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AB0180 Follow up study to determinate the achievement of the peak bone mass at 18–25 years old young people
  1. G László
  1. Rheumatology, Central Hospital of Hungarian Army, Budapest, Hungary

Abstract

Background The aim of our study was to follow up and determinate the achievement of the bone mass in young age. We wanted to study, what can influence the growth of the bone mass.

Objectives We began our study 3 years ago. We made examinations among 18 years old young men and women, who begun the first class in two military academies just then. The physical education is an important part of the programme of the military academies, that?s why these groups are ideal to establish the statement, that the sport results the increasing of the bone mass in this age. We organised a control group too, in a civil university, where sporting not obligatory. The participation was voluntary.

Methods Every participant filled a questionnaire about his/her earlier diseases, good and bad habits (e.g.: sport, smoking), and about his/her alimentary habits (e.g. milk and dairy products). We measured the bone density in their arms and ankle. We made anthropometrical and staying power examinations too. Finally we made laboratory tests to determinate the elements of the calcium household. The examinations were repeated two times.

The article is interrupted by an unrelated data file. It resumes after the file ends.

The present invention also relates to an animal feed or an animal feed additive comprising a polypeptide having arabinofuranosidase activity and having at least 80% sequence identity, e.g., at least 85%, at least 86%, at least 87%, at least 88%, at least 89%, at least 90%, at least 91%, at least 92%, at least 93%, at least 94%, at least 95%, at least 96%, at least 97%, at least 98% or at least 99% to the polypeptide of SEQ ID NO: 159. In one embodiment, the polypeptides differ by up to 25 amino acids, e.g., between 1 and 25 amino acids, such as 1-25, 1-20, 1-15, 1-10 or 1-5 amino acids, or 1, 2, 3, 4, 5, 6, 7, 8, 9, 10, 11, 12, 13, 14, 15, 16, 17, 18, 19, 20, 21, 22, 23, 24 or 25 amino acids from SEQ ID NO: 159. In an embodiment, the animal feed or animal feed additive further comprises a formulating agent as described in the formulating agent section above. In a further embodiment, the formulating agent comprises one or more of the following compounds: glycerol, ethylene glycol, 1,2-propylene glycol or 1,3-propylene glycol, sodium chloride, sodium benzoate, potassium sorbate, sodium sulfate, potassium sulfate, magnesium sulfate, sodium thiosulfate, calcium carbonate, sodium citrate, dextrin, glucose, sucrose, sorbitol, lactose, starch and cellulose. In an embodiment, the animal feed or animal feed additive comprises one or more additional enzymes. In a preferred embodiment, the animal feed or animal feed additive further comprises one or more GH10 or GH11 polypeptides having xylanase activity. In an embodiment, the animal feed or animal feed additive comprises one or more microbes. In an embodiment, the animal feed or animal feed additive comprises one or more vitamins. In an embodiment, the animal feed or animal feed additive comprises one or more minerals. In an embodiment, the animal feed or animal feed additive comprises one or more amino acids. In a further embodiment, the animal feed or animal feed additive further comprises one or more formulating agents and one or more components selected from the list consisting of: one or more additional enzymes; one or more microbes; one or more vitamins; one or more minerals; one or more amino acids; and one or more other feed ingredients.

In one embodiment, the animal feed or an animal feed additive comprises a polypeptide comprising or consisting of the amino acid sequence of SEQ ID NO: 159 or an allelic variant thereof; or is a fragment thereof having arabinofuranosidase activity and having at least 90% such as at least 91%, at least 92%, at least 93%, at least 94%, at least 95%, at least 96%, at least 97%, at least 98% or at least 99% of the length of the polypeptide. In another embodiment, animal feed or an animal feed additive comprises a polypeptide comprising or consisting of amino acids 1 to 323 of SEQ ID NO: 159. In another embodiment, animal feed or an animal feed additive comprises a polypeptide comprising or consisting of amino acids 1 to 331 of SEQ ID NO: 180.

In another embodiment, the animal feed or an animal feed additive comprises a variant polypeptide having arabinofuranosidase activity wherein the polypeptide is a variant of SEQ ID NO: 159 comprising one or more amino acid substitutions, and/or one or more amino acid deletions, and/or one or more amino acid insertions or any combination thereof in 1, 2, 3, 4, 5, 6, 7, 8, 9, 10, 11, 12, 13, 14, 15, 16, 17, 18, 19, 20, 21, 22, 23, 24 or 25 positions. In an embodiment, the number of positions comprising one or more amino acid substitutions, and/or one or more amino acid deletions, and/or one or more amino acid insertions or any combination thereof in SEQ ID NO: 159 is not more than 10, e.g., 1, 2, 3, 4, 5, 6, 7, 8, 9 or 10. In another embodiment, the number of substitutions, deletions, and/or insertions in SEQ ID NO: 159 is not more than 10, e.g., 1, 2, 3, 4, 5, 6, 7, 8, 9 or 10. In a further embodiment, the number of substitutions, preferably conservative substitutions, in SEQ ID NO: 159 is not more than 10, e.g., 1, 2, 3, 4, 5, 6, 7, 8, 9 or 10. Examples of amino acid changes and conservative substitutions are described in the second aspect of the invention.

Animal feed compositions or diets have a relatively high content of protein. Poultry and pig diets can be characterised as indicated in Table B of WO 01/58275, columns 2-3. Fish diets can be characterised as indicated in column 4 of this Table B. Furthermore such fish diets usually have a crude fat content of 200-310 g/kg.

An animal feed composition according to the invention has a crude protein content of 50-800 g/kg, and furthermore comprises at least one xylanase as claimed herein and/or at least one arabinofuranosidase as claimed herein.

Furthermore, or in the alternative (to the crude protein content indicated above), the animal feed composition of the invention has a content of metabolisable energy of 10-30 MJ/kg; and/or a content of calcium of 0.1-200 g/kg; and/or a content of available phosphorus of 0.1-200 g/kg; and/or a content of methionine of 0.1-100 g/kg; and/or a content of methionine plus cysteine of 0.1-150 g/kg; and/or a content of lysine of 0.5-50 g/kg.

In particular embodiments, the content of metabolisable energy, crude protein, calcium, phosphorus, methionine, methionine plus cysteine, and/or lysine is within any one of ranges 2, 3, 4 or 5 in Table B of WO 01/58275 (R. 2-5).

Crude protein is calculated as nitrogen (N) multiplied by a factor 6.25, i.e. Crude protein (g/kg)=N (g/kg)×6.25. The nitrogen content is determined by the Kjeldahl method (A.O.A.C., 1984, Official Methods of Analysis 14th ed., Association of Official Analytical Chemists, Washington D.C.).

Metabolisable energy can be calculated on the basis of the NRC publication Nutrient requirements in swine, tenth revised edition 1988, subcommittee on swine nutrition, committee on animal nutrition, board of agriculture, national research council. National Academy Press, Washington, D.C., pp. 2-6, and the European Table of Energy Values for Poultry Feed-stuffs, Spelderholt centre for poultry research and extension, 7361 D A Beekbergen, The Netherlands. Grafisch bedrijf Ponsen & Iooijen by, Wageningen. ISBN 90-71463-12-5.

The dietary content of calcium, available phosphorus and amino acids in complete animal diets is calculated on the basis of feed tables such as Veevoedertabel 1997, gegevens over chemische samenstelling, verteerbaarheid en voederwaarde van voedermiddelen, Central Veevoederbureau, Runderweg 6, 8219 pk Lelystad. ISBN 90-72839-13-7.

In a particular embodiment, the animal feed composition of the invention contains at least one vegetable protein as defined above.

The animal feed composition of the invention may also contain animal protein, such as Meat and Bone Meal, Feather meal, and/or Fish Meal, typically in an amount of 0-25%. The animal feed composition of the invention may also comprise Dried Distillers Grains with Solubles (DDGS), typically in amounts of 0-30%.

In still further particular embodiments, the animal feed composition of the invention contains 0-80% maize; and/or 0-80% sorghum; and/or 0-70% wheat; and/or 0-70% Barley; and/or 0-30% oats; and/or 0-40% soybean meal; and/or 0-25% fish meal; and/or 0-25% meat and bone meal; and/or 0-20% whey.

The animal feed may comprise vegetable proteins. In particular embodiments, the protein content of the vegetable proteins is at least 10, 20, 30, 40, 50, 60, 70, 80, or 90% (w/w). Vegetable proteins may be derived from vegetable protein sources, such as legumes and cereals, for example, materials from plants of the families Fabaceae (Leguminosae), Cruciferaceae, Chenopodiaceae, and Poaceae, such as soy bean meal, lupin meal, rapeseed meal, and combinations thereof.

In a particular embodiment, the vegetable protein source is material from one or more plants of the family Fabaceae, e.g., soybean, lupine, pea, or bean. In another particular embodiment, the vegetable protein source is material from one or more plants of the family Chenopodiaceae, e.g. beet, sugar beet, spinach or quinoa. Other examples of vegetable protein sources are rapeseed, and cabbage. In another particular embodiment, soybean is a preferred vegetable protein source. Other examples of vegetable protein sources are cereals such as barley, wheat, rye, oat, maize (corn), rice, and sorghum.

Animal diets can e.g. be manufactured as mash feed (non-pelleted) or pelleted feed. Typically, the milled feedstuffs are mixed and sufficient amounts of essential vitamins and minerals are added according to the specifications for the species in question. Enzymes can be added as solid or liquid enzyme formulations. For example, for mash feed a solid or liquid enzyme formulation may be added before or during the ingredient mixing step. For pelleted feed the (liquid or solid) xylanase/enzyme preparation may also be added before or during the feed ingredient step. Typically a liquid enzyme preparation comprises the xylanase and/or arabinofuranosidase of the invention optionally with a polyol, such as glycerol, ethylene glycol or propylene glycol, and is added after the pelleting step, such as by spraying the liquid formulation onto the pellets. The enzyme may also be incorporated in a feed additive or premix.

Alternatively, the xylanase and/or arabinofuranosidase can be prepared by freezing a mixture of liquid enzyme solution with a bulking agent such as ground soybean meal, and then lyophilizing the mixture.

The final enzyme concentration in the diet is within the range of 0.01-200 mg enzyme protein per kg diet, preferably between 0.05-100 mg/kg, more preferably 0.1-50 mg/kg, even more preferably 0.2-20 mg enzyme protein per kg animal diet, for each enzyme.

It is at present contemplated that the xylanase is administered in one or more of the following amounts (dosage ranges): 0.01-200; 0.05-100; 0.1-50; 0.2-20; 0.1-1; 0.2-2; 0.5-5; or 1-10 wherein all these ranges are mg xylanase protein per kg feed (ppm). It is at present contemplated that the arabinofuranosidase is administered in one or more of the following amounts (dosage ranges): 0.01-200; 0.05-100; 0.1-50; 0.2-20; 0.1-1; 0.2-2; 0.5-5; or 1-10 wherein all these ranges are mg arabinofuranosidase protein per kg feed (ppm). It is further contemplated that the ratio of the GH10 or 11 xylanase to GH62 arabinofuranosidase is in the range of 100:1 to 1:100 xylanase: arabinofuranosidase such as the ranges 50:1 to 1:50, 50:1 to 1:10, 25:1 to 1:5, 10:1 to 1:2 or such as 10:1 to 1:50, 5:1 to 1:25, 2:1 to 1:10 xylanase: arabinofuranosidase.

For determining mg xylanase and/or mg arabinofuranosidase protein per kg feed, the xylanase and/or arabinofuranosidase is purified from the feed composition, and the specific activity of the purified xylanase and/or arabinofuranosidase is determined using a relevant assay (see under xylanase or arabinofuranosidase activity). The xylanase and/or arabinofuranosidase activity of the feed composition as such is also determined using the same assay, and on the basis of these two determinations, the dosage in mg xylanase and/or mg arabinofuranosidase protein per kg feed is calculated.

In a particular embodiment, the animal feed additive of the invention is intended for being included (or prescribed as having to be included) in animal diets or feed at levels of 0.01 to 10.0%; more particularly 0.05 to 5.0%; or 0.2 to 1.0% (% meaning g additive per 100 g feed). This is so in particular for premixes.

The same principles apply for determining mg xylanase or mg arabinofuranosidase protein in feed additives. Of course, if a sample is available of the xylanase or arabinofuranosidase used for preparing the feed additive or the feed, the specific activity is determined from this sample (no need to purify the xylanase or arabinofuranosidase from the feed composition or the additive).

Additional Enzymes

Results We found, that according to the osteodensitometry the bone mass have grown in all of the groups. At the soldier men’s group the increase was more significant, than at the others. The degree of bone mass growth connected with the body mass index, exactly with the growing of the body weight. According to the anthropometrical examinations the growth of the body weight came rather from the growth of the muscle mass than bone mass. Though the bone density grew, its weight did not grow significantly.

Conclusion It seems that, neither the nutrition, nor the bad habits cannot influence the bone mass significantly in this young age. But the moving, sporting play important roles in the achievement of the peak bone mass.

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